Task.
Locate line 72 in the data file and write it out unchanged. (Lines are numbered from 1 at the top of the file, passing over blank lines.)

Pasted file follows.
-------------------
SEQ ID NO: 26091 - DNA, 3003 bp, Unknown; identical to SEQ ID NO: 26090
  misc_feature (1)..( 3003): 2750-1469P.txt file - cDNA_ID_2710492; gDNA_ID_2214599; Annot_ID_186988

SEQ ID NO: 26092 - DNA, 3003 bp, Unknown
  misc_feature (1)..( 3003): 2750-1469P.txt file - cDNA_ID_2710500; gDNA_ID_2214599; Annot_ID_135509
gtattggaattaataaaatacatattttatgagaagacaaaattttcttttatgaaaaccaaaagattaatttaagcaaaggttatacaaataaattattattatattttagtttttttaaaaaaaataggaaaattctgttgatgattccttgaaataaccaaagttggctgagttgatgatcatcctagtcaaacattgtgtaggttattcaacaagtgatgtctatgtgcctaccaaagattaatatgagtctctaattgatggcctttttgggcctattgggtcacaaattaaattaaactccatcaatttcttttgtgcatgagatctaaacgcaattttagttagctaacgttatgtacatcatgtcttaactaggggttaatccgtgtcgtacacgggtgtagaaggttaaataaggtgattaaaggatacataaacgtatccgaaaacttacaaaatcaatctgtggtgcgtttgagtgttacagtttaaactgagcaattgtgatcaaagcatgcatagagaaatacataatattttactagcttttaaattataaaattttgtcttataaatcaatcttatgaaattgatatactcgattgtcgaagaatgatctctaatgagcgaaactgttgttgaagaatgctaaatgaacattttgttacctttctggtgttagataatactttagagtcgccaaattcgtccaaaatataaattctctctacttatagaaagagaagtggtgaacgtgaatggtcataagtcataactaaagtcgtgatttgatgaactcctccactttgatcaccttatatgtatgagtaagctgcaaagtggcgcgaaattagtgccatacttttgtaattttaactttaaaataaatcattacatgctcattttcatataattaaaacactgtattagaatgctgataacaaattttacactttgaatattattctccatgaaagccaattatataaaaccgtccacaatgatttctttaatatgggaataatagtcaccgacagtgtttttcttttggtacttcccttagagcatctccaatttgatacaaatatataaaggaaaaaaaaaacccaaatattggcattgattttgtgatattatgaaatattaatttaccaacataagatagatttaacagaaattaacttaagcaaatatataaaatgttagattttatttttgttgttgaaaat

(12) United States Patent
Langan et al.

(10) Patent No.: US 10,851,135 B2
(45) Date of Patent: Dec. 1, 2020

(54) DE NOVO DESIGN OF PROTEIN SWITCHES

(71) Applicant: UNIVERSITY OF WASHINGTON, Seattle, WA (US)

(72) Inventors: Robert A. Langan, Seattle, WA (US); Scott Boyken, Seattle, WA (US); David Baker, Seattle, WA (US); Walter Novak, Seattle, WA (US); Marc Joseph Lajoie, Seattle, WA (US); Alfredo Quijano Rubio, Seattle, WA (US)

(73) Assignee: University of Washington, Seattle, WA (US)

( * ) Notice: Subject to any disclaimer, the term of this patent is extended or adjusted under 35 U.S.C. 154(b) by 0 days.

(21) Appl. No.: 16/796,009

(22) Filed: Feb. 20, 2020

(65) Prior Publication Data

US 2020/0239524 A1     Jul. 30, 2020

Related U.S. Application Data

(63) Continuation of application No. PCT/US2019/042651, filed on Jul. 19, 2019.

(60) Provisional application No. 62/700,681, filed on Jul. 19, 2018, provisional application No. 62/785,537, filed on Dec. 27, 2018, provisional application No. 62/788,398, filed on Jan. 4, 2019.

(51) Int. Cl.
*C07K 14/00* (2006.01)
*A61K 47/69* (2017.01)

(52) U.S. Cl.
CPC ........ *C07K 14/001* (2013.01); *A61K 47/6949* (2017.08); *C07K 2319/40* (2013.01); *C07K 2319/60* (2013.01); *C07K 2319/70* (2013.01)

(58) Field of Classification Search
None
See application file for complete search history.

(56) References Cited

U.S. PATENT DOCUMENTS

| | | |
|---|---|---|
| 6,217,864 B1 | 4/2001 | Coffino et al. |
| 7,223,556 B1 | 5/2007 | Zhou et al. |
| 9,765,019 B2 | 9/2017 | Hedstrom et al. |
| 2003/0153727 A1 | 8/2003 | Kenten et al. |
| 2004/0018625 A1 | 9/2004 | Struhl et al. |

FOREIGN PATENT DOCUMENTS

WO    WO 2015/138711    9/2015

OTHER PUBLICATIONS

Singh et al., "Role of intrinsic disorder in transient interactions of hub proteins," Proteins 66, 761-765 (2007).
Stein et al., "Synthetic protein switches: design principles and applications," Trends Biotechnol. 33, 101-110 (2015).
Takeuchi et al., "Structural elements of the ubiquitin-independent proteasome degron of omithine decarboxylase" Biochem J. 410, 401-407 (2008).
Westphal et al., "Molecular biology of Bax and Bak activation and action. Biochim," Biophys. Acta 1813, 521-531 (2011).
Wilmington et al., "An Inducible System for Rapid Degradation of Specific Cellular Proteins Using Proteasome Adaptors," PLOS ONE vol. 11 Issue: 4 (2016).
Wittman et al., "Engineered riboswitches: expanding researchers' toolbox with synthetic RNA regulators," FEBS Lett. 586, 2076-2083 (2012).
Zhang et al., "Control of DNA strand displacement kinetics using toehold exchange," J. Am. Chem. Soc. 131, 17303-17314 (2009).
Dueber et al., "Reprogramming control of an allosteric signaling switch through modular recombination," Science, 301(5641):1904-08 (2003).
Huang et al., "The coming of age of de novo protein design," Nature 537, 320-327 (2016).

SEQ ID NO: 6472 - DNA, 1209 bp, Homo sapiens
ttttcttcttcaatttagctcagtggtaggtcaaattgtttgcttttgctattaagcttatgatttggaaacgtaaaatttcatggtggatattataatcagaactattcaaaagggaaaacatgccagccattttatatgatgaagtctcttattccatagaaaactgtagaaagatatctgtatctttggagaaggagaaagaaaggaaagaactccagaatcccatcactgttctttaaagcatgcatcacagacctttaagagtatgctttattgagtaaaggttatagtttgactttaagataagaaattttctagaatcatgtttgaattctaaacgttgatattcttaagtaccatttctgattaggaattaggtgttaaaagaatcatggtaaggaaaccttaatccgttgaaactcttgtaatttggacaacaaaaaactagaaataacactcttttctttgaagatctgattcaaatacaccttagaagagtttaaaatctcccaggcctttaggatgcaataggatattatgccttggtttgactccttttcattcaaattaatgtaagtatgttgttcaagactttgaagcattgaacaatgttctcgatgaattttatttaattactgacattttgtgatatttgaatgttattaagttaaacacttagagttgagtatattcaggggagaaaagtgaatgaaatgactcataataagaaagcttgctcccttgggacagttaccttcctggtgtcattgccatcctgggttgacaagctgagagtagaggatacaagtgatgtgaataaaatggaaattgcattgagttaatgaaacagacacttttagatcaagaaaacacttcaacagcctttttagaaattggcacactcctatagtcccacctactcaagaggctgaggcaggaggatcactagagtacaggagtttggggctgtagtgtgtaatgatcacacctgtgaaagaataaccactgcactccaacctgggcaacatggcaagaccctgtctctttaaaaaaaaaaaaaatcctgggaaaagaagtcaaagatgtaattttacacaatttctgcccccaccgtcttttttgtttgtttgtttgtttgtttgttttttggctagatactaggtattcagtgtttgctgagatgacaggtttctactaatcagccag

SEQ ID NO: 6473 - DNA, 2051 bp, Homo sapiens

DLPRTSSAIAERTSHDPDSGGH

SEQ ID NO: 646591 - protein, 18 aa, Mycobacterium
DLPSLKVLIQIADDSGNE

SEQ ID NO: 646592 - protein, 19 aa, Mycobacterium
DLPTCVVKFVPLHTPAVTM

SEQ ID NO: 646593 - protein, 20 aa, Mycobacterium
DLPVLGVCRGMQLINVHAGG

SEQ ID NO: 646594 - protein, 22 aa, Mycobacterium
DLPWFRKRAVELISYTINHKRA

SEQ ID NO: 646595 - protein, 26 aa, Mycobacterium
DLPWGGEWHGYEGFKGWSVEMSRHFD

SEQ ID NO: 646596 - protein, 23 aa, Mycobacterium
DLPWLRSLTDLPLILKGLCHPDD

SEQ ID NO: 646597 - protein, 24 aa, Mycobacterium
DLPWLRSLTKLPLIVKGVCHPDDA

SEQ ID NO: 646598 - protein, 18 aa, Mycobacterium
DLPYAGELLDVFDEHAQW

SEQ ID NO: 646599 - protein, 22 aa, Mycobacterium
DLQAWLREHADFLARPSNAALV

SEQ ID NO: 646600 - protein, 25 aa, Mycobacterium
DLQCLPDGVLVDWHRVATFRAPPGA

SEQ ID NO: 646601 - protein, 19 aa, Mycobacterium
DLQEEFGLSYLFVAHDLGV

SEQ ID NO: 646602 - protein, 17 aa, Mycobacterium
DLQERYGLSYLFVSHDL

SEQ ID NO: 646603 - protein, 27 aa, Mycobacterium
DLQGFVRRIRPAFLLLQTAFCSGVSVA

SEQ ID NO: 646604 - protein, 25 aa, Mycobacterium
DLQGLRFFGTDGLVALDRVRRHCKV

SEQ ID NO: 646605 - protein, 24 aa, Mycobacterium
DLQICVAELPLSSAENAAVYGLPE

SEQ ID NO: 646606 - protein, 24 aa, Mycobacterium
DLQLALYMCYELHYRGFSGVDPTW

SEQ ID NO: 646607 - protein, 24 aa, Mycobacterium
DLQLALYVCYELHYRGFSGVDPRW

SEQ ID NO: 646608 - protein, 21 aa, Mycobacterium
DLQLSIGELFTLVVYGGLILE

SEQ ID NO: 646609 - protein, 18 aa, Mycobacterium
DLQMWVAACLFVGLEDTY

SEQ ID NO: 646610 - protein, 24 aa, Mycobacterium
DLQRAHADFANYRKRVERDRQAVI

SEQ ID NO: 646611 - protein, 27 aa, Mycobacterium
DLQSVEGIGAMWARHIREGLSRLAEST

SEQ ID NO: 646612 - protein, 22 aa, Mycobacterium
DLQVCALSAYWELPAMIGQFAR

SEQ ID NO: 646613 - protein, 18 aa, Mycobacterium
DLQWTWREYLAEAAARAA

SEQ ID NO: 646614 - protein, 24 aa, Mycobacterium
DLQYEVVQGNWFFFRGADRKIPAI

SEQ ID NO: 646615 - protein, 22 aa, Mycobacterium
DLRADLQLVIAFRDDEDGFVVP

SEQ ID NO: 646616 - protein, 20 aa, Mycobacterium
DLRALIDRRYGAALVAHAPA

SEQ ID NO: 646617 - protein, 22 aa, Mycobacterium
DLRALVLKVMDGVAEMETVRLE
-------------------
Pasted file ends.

DLQAWLREHADFLARPSNAALV